Please join me in spending this Pet Remembrance Day in reflection of all the furry souls who have touched our hearts.
I fell down the rabbit hole of animal rescue about six years ago as a young, single woman who’d spent a lifetime yearning for a dog and who’d just purchased a home of her own. Out of my own altruism and a need to fulfill my unruly lab puppy’s energy requirements, I responded to a desperate plea on Facebook looking for a foster home for an injured dog at a local shelter who would be euthanized if a rescue to take him on wasn’t found. This led me in a direction that has blessed me with several furry souls to honor on Pet Remembrance Day.
This isn’t my first experience grieving the loss of an animal; we’d just put down the family cat not long before I started fostering. I’d lost the requisite childhood pet goldfish. Even after these past years of volunteering with a dog rescue and having more than 60 foster dogs come through my care, I had not faced the loss of a dog in a way that brought about genuine grief. Of course, we’d had to make a few difficult decisions in the rescue over the years, but I’d learned to steel myself against the sadness and keep pushing forward.
But the other day, I got a text that stopped me in my tracks.
The amazing forever family, who adopted a former foster of mine named Bud, wanted to let me know that he had crossed the rainbow bridge this morning. My eyes welled with tears as I sat in my car in the Target parking lot, reflecting on his life. He lived a lousy 9 years with an owner who let him roam the town. He’d been picked up as a stray quite a few times and he’d been hit by a car and injured at least twice from what I discerned from his medical records. He was finally dumped at the shelter at 9 years old and severely arthritic because his owner “no longer wanted to mess with an older dog” as was written on his shelter paperwork. There he waited.
Love of Labs Indiana, where I volunteer, was asked to take him and I talked my husband into agreeing to foster Bud since he was older and allegedly low energy. We’d never fostered a senior before so we knew it would be a new adventure. I drove to New Castle, Indiana and picked him up from the shelter. He weighed close to 90lbs and couldn’t even get into my SUV by himself.
Our two dogs, Izzo and Wyatt, and then-6-month old son Harrison didn’t quite know what to make of him since we usually fostered puppies and energetic, often unruly teenaged dogs. I quickly realized he couldn’t traverse stairs…any amount of stairs…so I had to lift him up and down every time he needed to go outside. Not wanting him to sleep alone his first night in a strange new place, I carried him up the stairs. I’m not sure who laughed harder at the sight of me trying to lift a 90lb dog up the stairs, me or my husband. Just as Bud started to settle in, everything changed. A global pandemic of COVID-19 hit. The world shut down right before our eyes.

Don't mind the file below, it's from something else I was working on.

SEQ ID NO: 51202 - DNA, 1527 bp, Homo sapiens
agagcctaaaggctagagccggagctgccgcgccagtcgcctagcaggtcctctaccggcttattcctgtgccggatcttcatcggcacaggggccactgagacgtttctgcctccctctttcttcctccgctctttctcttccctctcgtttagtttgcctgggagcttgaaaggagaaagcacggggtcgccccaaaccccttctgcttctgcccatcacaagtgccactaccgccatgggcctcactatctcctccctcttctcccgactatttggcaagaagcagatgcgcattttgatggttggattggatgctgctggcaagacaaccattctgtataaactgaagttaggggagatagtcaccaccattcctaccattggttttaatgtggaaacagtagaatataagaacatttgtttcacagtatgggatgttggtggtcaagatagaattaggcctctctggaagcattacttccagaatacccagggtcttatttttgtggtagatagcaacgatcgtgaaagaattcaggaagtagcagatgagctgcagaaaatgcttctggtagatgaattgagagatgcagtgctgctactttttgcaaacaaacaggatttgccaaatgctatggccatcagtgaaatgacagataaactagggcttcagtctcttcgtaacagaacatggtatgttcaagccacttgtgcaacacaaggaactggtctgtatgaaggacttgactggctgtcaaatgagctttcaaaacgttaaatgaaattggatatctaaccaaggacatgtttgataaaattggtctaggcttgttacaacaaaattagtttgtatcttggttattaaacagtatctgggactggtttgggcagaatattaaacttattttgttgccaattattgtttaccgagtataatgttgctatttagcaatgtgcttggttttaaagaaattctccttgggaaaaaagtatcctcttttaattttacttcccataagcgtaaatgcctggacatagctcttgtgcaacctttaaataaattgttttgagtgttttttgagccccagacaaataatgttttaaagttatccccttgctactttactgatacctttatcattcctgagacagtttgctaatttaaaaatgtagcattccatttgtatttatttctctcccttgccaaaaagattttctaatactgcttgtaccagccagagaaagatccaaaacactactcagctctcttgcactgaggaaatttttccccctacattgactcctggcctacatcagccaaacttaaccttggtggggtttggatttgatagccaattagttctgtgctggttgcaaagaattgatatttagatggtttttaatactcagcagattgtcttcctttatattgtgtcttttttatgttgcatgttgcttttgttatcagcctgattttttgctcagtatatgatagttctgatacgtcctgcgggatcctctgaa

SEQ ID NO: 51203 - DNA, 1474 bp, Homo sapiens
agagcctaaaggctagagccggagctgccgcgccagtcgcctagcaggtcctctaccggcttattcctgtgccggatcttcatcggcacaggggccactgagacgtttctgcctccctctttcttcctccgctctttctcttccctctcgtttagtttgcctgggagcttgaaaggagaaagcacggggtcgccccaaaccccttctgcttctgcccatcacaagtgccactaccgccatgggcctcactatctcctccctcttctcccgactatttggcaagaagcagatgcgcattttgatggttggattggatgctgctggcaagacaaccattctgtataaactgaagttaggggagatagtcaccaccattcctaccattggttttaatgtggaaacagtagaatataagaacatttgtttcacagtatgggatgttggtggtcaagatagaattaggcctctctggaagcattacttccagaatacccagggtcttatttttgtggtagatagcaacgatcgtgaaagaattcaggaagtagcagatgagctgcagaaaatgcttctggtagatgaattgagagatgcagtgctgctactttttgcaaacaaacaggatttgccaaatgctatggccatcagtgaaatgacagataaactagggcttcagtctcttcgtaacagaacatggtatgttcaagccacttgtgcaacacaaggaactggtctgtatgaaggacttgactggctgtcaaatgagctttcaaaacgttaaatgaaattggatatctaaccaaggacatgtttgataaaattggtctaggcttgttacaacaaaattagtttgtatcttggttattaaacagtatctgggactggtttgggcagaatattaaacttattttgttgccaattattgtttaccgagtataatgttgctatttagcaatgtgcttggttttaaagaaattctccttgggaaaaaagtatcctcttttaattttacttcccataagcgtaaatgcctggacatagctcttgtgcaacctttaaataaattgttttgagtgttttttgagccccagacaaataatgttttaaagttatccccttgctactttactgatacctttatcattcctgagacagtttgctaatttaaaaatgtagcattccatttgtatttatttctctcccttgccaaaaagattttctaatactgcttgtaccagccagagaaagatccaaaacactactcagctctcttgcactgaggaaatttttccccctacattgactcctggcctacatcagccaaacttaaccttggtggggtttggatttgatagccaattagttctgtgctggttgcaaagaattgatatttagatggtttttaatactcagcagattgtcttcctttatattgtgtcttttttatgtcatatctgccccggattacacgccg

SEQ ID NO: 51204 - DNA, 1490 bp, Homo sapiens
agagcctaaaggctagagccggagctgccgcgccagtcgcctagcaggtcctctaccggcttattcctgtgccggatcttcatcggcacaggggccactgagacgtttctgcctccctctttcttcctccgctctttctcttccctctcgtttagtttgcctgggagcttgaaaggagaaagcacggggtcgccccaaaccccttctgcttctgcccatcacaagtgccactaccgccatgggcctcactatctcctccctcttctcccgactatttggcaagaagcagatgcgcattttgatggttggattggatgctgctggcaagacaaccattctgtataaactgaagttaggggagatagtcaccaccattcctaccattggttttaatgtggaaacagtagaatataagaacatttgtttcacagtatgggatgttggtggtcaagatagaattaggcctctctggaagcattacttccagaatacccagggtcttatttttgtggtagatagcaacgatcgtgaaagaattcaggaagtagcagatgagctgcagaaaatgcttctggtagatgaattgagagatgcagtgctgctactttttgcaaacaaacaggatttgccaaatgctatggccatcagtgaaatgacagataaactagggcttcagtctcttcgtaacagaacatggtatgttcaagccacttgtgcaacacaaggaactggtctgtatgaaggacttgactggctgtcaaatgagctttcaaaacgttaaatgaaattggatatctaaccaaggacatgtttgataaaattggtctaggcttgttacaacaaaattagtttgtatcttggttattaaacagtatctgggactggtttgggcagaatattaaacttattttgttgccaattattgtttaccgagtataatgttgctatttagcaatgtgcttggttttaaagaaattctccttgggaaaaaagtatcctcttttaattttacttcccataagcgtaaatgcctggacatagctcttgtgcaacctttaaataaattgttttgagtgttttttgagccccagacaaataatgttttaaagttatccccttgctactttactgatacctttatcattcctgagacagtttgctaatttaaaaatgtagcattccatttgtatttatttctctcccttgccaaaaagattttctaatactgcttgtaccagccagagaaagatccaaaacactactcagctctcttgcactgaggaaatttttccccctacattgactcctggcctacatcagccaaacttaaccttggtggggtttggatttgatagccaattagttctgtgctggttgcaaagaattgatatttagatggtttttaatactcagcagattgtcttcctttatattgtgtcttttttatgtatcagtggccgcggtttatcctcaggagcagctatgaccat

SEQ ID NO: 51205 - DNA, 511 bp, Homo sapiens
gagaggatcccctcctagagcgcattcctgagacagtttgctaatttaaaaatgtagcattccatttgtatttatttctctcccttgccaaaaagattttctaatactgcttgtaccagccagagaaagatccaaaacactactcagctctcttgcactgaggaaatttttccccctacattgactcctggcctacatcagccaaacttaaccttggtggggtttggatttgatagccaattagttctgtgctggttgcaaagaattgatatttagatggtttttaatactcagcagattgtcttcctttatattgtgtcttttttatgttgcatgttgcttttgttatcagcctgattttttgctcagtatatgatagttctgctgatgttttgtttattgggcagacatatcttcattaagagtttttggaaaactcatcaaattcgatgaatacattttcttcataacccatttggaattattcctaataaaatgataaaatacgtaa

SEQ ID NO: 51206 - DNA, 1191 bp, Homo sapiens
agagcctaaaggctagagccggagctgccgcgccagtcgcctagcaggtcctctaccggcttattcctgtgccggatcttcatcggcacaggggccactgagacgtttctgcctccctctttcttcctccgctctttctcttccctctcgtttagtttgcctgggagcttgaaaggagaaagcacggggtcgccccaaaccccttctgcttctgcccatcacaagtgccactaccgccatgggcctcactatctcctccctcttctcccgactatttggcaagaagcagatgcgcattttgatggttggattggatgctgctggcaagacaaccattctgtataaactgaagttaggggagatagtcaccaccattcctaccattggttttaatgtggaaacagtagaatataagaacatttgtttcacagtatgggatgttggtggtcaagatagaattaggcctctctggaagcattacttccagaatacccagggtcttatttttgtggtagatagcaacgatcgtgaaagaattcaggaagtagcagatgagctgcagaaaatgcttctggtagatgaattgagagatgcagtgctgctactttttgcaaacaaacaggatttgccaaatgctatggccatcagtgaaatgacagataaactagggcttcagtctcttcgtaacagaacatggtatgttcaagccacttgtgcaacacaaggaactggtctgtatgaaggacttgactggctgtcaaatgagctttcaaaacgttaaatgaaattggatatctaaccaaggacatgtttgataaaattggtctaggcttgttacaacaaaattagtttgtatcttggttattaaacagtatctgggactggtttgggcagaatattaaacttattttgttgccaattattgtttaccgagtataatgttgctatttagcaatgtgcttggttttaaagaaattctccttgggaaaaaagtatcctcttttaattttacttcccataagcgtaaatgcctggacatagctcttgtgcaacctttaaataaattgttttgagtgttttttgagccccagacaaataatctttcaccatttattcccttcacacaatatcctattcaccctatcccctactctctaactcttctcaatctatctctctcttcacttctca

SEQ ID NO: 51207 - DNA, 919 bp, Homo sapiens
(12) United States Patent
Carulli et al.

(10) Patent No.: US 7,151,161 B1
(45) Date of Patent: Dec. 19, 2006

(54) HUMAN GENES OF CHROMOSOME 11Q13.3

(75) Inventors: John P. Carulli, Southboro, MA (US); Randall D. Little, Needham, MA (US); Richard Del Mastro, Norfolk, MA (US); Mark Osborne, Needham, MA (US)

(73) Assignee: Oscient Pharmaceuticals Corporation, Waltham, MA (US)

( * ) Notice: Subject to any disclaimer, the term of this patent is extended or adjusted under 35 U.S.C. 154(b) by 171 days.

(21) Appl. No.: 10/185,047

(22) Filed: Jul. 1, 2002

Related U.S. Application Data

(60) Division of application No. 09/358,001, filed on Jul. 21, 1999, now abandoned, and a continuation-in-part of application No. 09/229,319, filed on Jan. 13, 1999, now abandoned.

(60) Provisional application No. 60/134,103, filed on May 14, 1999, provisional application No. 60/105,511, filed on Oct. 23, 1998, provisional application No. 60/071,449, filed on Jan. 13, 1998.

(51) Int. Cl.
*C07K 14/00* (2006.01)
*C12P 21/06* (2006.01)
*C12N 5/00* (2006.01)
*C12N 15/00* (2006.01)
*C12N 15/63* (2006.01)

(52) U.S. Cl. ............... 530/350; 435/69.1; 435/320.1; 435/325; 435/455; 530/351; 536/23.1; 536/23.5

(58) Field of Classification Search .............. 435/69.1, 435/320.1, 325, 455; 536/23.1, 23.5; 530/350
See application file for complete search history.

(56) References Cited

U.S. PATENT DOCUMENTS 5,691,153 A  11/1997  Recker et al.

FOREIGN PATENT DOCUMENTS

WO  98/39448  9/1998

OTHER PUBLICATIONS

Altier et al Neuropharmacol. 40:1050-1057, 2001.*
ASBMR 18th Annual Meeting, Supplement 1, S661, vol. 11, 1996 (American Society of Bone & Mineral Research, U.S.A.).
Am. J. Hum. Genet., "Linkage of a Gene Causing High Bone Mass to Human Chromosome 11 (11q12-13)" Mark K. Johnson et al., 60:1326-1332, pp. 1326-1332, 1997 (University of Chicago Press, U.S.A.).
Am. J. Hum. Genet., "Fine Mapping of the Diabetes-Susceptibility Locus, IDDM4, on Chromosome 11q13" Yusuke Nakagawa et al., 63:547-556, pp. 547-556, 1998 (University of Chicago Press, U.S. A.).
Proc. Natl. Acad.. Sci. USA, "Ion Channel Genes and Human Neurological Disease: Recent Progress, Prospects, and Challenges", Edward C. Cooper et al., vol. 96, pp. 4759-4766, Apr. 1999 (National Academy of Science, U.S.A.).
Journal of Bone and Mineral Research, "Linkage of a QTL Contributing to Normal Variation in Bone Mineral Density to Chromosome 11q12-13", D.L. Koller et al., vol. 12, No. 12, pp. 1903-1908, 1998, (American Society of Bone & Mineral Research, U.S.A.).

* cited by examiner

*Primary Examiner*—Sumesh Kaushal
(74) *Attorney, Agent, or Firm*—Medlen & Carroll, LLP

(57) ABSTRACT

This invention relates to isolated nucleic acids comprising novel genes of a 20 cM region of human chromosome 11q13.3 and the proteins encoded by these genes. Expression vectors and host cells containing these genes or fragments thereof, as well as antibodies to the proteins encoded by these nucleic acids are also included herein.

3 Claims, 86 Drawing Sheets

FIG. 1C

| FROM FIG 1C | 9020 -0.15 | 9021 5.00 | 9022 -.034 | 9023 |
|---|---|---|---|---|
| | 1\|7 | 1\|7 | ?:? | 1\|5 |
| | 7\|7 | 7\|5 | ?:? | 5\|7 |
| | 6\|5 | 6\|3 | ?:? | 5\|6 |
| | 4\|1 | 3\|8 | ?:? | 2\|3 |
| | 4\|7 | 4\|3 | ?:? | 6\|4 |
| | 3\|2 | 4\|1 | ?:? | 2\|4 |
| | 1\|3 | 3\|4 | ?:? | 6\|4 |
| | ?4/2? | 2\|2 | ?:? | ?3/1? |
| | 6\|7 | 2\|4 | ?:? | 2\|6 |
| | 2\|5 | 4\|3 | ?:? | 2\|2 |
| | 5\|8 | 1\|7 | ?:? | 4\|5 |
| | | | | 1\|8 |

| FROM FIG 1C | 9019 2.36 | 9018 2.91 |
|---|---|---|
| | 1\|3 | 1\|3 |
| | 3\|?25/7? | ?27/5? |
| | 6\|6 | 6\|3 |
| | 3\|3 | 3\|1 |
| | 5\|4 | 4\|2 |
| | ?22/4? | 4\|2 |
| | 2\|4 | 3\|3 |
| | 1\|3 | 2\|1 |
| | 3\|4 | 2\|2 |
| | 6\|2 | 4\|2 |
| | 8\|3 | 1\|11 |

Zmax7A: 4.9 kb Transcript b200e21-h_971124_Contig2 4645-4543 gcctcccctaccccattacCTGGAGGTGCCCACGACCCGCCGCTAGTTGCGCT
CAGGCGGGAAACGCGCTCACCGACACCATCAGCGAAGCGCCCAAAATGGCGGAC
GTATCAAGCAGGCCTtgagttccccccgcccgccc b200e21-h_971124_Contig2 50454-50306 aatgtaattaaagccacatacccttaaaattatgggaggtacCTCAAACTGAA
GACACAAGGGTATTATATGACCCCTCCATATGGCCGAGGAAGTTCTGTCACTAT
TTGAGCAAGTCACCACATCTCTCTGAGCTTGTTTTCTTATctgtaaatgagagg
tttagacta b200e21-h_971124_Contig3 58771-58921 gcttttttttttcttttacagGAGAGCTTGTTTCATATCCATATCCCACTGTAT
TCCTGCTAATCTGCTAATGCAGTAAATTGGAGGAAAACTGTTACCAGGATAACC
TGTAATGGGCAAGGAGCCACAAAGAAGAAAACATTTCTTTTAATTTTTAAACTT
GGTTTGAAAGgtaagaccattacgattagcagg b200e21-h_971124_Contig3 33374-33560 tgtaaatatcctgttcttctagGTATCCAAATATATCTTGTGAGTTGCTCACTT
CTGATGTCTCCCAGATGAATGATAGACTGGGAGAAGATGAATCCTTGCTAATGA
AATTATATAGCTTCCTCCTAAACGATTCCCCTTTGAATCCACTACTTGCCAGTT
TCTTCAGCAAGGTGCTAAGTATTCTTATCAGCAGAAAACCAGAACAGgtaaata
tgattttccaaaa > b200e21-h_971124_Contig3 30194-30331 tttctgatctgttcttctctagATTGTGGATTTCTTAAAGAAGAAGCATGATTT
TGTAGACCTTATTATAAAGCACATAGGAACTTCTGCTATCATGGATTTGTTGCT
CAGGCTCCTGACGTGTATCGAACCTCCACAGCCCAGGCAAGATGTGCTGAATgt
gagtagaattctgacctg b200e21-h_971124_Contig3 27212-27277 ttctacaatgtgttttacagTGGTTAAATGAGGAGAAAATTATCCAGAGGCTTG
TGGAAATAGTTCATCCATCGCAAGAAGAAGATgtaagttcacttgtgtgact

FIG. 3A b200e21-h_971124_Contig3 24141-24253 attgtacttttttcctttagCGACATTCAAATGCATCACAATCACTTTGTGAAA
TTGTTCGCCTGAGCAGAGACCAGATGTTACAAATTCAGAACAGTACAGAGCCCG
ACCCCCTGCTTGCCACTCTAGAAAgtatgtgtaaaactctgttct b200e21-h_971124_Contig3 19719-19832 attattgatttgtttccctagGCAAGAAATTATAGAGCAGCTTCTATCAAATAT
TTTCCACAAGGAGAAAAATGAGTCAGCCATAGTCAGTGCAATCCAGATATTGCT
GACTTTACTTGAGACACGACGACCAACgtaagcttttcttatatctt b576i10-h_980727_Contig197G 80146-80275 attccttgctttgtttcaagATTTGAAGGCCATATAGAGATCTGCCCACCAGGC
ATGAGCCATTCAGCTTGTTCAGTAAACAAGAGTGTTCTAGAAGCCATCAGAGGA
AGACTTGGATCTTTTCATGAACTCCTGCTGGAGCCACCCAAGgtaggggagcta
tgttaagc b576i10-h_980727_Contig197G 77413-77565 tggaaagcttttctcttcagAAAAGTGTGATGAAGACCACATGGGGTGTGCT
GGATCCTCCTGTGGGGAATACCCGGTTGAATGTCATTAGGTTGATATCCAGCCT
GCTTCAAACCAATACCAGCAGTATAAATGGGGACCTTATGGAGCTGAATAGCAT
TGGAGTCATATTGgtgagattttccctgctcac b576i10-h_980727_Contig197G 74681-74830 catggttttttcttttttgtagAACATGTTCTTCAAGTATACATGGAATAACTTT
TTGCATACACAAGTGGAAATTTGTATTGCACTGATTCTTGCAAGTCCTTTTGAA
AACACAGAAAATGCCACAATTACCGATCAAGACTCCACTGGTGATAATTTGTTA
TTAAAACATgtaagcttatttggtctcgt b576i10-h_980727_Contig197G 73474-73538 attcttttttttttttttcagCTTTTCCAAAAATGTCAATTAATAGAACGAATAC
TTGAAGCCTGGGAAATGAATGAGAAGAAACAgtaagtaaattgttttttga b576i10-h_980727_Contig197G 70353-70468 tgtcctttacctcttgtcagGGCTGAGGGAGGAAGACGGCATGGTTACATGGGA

As so much in the world seemed to be going wrong, Bud’s life was sure on the upswing. He had several benign tumors removed.
He got laser treatments, ample pain medication, joint supplements. He finally learned to traverse stairs with ease, which my back appreciated. He learned to play with Izzo and Wyatt, in his own old man way, bouncing and barking next to them as they wrestled each other. He loved to lay in the sun and take naps with them. He loved following his human foster sibling, Harrison, as we all watched him learn to crawl. We spent the first month of quarantine together.
I realized how well he was healing and that he was ready to seek an adoptive family on the day that he decided to escape an ajar door one afternoon, as captured by our doorbell camera, and went for a nice long walk. He walked right up to a neighbors front door and demanded to be let in by way of his signature, big, deep barks.
We consider ourselves well-versed in the “see you later” part of fostering; When they get adopted and ride off into the sunset to their forever homes. Bud was a bit of a harder goodbye than normal. Sometimes we get updates from the families, sometimes we don’t. Each dog-related holiday, and especially Pet Remembrance Day, I think of each of our foster dogs. In April 2020, amidst the bleak COVID world, Bud found a fantastic family, and they even had a grandson named Harrison who by all accounts, Bud adored just as much as our Harrison. He had his own recliner and a big fence in the yard to watch ducks on the pond nearby. I’m glad he lived like a king, until the very end.
So when I got that text today, I let myself be sad for a bit, but then I quickly reminded myself that Bud is *exactly* my “why”.
He is the reason I foster. He’s the reason why I, and his adoptive family, will grieve him yet choose to honor him by welcoming more dogs into our hearts on this Pet Remembrance Day. For if I (and more importantly, Love of Labs) had not stepped up, he would’ve died alone in a shelter.
It’s kind of like that story about the boy on the beach throwing starfish back into the ocean. I may not be able to save them all but I can sure make a difference, one at a time.
Thanks for the reminder just when I needed it BIG BUD. Run free, sweet boy. I know I’ll see you again someday. I will never stop telling others, especially my son, about you.
If you’re grieving the loss of a pet, no matter how recent, I join you in celebrating the furry lives we’ve loved and lost not only on this Pet Remembrance Day, but every day.